Shipping across the Mediterranean in the 12th century was especially risky due the prevalence of pirates at sea, and the uncertainty about what would be waiting at the destination’s port. It was not uncommon for merchants to arrive and find that plague or conflict had completely wiped out the trade in an area – the resulting outcome being that the ship returned to port with no goods and thus no profit.
Resicum evolved as a way to allow captains and investors to share in the risk and potential reward of the Mediterranean trade business, and was quickly and widely adopted across various industries.
From its origins in Genoa notary contracts, throughout history, entrepreneurs and investors have been sharing the risk and reward of speculative business endeavors.
Later in the 1800s, Nikola Tesla, secured investment from American entrepreneur, George Westinghouse to fund his company which developed the alternating electrical current, which became the standard for power systems.
Expansion of Venture Capital in the 20th Century
While the ancestors of venture capital date back to the 12th century, most business historians agree that the formal origins of the Venture Capital industry trace back to 1946 when Harvard Business School professor Georges Doriot led the formation of the American Research and Development Corporation to fund new ventures founded during WWII.
Doriot laid out and practiced the terms of Venture Investing that are still the guideposts used today. These included: scrutinous review and frequent rejection of business plans (deal-flow & due diligence), the staged financings of investments (rounds), and the ultimate return of capital and profits to investors (exits).
ARDC’s first big hit came from a $70k investment into Digital Equipment Corporation in 1957, when they received several multiples in return on investment after their DEC’s initial public offering in 1966. ARDC invested in over 150 companies and its employees spun out to form prominent venture capital firms such as Greylock Partners and the predecessor to Flagship Ventures.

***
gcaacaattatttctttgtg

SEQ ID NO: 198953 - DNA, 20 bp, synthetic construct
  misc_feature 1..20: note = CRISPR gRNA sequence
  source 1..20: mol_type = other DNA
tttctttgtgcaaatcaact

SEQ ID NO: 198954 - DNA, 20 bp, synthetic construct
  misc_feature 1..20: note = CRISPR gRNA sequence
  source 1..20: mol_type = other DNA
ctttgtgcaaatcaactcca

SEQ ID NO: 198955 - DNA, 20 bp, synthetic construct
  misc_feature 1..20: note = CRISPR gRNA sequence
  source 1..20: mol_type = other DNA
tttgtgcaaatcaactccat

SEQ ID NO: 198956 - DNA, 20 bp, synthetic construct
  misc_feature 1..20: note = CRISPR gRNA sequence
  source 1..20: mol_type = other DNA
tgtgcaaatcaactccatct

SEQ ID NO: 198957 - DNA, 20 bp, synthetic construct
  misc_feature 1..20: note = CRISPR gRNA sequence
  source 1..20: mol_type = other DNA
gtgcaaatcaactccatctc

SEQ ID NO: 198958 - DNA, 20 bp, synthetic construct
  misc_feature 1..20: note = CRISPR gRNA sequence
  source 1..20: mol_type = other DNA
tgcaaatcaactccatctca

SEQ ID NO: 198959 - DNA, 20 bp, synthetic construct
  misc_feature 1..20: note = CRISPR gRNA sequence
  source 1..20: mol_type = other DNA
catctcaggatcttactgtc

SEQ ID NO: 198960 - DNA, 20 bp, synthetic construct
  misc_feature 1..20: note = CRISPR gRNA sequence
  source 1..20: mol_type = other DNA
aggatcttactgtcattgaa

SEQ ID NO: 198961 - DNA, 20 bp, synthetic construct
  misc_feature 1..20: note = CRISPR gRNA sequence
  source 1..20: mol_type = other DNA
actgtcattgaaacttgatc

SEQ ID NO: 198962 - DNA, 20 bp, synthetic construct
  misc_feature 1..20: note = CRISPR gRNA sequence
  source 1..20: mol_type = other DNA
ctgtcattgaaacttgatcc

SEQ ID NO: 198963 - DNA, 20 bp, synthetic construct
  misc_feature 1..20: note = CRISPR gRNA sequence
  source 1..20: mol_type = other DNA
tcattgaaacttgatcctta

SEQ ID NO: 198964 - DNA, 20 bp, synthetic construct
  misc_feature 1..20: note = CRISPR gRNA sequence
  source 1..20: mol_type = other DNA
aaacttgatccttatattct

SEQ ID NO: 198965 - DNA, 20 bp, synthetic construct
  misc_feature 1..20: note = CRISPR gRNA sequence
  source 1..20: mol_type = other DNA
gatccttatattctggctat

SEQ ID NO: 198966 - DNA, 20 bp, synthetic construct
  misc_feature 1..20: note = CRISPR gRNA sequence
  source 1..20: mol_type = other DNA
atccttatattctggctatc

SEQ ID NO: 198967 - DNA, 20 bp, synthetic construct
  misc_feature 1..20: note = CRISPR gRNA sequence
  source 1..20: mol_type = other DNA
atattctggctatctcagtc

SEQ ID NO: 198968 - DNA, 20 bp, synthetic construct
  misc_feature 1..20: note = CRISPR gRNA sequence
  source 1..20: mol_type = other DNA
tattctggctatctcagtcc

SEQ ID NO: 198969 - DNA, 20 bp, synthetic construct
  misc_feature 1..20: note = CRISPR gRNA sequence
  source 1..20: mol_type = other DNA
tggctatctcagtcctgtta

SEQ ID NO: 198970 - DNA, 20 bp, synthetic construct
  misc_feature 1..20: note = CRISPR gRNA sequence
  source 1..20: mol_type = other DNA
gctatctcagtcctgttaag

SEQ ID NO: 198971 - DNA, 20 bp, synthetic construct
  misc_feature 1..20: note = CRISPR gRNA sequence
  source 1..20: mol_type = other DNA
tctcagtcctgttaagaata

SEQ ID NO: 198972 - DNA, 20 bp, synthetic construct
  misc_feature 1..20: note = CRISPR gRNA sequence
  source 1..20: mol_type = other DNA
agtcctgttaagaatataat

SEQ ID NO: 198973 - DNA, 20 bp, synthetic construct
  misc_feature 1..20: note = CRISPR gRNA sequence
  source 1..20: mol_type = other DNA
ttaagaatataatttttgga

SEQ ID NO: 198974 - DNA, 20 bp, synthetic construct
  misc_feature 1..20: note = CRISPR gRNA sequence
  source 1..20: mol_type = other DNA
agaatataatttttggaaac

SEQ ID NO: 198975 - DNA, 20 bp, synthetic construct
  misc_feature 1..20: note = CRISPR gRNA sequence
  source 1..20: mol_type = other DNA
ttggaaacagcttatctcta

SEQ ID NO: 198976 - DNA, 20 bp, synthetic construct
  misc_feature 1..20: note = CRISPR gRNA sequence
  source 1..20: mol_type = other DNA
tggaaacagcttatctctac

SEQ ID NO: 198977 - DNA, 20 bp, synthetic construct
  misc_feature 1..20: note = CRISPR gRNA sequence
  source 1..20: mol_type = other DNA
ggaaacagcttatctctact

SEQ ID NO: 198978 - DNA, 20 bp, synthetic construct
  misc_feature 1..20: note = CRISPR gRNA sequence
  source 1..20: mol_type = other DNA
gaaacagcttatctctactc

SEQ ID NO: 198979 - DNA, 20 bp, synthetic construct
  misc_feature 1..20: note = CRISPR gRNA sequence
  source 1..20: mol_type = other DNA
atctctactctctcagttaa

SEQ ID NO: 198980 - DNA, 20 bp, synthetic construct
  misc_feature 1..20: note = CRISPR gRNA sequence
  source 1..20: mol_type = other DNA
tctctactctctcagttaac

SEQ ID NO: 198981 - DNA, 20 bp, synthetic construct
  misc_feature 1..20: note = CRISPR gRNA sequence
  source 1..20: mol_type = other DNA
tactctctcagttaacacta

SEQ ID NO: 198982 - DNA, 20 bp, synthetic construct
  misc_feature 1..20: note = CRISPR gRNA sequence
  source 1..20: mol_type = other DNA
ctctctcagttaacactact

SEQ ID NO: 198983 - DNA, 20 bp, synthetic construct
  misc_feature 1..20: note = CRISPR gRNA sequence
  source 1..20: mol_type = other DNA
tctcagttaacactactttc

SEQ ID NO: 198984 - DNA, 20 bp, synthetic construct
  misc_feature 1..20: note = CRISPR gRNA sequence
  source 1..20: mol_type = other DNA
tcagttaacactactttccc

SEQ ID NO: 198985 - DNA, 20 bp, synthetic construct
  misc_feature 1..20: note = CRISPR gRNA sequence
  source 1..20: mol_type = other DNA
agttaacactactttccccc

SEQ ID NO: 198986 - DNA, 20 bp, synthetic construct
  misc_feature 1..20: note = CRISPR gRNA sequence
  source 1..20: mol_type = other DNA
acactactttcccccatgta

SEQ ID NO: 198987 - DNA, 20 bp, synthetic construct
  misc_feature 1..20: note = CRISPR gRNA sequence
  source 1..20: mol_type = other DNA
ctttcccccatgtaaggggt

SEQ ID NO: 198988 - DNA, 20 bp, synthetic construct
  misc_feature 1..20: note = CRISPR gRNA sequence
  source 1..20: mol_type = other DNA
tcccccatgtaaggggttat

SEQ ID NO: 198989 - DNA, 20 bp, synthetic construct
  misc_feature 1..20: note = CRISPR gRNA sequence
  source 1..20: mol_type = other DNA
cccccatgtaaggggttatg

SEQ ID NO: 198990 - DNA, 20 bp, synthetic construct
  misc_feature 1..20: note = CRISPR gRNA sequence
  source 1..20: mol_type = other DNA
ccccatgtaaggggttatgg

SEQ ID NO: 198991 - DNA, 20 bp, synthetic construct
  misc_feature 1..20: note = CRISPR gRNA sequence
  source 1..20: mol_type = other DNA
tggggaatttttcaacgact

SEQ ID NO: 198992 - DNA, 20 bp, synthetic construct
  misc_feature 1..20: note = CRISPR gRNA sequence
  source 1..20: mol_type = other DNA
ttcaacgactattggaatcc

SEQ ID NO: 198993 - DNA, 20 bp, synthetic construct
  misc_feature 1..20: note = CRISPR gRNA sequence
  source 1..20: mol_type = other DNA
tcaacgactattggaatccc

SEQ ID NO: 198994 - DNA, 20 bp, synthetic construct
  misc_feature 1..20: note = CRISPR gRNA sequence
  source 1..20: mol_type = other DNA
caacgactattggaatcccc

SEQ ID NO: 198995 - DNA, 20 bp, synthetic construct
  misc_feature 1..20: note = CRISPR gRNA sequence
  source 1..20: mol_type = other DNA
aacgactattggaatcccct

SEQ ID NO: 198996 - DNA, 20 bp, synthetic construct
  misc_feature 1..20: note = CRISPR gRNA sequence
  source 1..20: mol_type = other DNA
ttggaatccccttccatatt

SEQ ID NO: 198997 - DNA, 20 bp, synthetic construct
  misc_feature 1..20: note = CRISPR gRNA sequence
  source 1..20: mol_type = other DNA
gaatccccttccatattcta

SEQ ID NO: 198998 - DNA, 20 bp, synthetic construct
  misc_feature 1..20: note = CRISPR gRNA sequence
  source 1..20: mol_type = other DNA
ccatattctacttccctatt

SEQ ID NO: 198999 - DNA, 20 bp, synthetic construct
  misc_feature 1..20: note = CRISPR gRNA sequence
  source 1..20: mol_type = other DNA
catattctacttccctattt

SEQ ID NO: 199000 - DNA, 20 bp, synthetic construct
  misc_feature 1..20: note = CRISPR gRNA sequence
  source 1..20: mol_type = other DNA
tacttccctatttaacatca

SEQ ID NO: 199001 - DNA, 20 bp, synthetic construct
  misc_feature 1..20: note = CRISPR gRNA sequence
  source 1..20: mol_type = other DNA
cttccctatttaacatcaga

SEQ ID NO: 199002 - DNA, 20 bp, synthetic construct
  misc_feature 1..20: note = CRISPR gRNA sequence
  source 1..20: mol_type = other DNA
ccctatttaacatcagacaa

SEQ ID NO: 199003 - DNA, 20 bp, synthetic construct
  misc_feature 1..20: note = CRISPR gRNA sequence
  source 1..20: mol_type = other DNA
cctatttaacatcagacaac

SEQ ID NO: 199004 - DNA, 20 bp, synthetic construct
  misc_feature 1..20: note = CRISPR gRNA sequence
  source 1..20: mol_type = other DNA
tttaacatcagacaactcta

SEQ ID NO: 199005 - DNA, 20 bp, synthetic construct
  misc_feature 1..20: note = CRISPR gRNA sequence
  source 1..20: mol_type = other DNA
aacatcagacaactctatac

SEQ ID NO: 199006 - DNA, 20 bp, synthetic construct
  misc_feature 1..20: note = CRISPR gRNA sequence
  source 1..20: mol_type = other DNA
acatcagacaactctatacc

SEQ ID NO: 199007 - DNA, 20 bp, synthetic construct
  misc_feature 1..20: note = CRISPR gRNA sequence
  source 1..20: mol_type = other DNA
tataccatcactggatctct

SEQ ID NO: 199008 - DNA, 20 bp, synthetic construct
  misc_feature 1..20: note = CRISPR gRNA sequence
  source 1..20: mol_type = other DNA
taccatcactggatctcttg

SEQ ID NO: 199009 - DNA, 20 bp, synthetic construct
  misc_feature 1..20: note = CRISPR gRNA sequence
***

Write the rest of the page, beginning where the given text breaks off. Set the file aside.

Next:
Later, in the 1970’s, some of today's most distinguished Venture Capital firms were founded to invest in the semiconductor and computer industries. These firms, such as Sequoia Capital, Kleiner Perkins and New Enterprise Associates represent the foundation of the modern venture capital industry.
A critical legislation change in the 1980’s opened the metaphorical floodgates of capital flowing through VC firms. Up until this time, an obscure law in the Employment Retirement Income Security Act stated that private pension managers had to invest in very low-risk assets. This changed in 1979 when that law was clarified to account for portfolio diversification, meaning pension fund managers could allocate a portion of their managed funds to Venture Capital.
Although pension funds were only allowed to allocate a small portion of their funds to VC, a small portion of an enormous amount of money, this still represented a huge influx of capital into VC funds. This amount grew as US Pension funds also began investing in US VC firms, and private and sovereign funds followed.
In the 40+ years that followed, VC has become the preferred method for financing early-stage, high-risk, high-reward companies and technologies.